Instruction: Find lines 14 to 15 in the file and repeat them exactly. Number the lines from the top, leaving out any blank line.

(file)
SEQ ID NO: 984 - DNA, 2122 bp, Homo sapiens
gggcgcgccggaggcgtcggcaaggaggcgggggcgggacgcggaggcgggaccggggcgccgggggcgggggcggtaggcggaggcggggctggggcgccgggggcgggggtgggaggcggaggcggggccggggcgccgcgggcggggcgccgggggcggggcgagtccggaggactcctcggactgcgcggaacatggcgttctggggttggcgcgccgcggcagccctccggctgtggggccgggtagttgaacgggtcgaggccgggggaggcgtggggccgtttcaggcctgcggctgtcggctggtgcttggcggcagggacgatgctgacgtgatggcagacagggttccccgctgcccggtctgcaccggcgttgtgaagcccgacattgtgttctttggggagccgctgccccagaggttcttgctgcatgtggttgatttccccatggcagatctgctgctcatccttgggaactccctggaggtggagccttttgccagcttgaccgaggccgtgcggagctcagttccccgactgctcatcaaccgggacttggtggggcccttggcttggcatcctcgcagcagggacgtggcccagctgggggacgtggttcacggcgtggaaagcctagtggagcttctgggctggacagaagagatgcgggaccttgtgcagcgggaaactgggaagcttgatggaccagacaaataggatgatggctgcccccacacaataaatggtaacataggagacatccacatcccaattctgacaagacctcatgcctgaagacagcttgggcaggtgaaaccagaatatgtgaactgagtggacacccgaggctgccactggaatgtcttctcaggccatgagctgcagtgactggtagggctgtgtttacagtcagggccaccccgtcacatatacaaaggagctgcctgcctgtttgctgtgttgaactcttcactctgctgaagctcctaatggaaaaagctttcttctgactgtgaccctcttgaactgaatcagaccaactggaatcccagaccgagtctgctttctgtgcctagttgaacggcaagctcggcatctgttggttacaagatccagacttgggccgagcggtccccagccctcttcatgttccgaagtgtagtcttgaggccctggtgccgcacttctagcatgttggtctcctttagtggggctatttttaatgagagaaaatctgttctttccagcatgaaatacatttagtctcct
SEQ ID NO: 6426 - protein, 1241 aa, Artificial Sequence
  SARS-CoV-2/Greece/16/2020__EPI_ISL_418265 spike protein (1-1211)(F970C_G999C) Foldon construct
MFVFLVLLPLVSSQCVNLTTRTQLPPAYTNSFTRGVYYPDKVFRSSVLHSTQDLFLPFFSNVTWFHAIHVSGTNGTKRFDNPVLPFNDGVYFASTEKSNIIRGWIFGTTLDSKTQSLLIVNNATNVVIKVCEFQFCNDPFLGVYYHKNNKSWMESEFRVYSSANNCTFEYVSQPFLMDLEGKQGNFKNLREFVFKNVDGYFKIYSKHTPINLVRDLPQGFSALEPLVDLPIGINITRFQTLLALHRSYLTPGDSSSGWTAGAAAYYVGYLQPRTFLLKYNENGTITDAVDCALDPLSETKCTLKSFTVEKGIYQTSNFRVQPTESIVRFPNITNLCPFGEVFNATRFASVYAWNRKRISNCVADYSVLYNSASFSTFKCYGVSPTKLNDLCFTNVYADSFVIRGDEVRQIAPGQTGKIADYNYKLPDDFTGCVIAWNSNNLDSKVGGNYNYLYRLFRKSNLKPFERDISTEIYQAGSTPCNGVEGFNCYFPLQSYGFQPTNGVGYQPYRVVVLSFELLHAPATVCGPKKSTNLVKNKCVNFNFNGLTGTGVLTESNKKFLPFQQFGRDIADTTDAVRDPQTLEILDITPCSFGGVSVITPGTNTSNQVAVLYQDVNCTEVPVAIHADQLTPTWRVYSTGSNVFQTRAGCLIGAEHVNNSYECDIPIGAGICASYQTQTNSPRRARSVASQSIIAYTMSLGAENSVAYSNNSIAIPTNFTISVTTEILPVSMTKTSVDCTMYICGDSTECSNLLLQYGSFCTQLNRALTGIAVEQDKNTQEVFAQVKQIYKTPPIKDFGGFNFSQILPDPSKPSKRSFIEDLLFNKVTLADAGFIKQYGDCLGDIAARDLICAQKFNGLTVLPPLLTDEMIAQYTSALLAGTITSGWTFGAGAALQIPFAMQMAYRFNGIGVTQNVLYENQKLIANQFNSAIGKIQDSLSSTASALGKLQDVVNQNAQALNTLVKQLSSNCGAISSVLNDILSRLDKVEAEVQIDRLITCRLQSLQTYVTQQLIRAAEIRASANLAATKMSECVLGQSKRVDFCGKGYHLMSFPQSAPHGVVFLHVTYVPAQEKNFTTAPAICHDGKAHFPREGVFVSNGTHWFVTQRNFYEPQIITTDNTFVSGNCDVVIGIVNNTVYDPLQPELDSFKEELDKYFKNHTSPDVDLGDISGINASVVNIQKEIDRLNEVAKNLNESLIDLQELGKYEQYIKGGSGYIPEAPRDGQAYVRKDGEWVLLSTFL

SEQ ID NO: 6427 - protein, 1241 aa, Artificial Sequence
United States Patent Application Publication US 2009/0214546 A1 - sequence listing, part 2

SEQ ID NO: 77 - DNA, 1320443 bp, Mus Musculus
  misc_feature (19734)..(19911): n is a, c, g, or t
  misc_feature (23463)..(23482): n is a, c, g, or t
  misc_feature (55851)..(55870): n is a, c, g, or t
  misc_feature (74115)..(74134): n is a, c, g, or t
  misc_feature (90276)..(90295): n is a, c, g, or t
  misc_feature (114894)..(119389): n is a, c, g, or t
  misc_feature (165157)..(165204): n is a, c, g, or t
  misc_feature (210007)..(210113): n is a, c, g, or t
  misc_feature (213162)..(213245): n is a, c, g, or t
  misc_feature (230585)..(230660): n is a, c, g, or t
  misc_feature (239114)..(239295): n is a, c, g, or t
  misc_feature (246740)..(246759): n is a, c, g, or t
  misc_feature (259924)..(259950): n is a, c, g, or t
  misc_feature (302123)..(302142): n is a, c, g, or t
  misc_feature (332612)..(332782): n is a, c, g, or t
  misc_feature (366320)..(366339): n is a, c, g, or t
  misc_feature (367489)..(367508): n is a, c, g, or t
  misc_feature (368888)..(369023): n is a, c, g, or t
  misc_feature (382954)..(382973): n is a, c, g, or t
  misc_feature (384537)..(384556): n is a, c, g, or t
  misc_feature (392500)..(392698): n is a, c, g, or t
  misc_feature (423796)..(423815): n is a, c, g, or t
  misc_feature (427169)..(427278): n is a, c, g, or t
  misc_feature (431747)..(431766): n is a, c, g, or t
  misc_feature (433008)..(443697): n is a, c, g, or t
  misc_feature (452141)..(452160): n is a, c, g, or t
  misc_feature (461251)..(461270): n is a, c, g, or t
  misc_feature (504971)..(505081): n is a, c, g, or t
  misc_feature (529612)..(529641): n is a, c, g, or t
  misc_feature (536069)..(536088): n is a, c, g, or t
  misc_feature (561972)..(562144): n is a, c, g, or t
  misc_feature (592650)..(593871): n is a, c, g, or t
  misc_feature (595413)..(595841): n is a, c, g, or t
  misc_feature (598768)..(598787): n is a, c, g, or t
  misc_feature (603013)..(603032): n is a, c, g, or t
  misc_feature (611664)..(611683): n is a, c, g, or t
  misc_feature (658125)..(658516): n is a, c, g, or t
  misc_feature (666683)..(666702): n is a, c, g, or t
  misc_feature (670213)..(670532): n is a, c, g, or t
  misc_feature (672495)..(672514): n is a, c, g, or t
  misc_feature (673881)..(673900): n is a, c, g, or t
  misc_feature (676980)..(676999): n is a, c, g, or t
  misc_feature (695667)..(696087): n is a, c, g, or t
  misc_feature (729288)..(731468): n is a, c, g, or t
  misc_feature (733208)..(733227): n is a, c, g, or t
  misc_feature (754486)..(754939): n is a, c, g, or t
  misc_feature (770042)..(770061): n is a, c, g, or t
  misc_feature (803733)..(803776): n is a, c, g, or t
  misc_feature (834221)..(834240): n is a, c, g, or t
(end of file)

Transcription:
  misc_feature (114894)..(119389): n is a, c, g, or t
  misc_feature (165157)..(165204): n is a, c, g, or t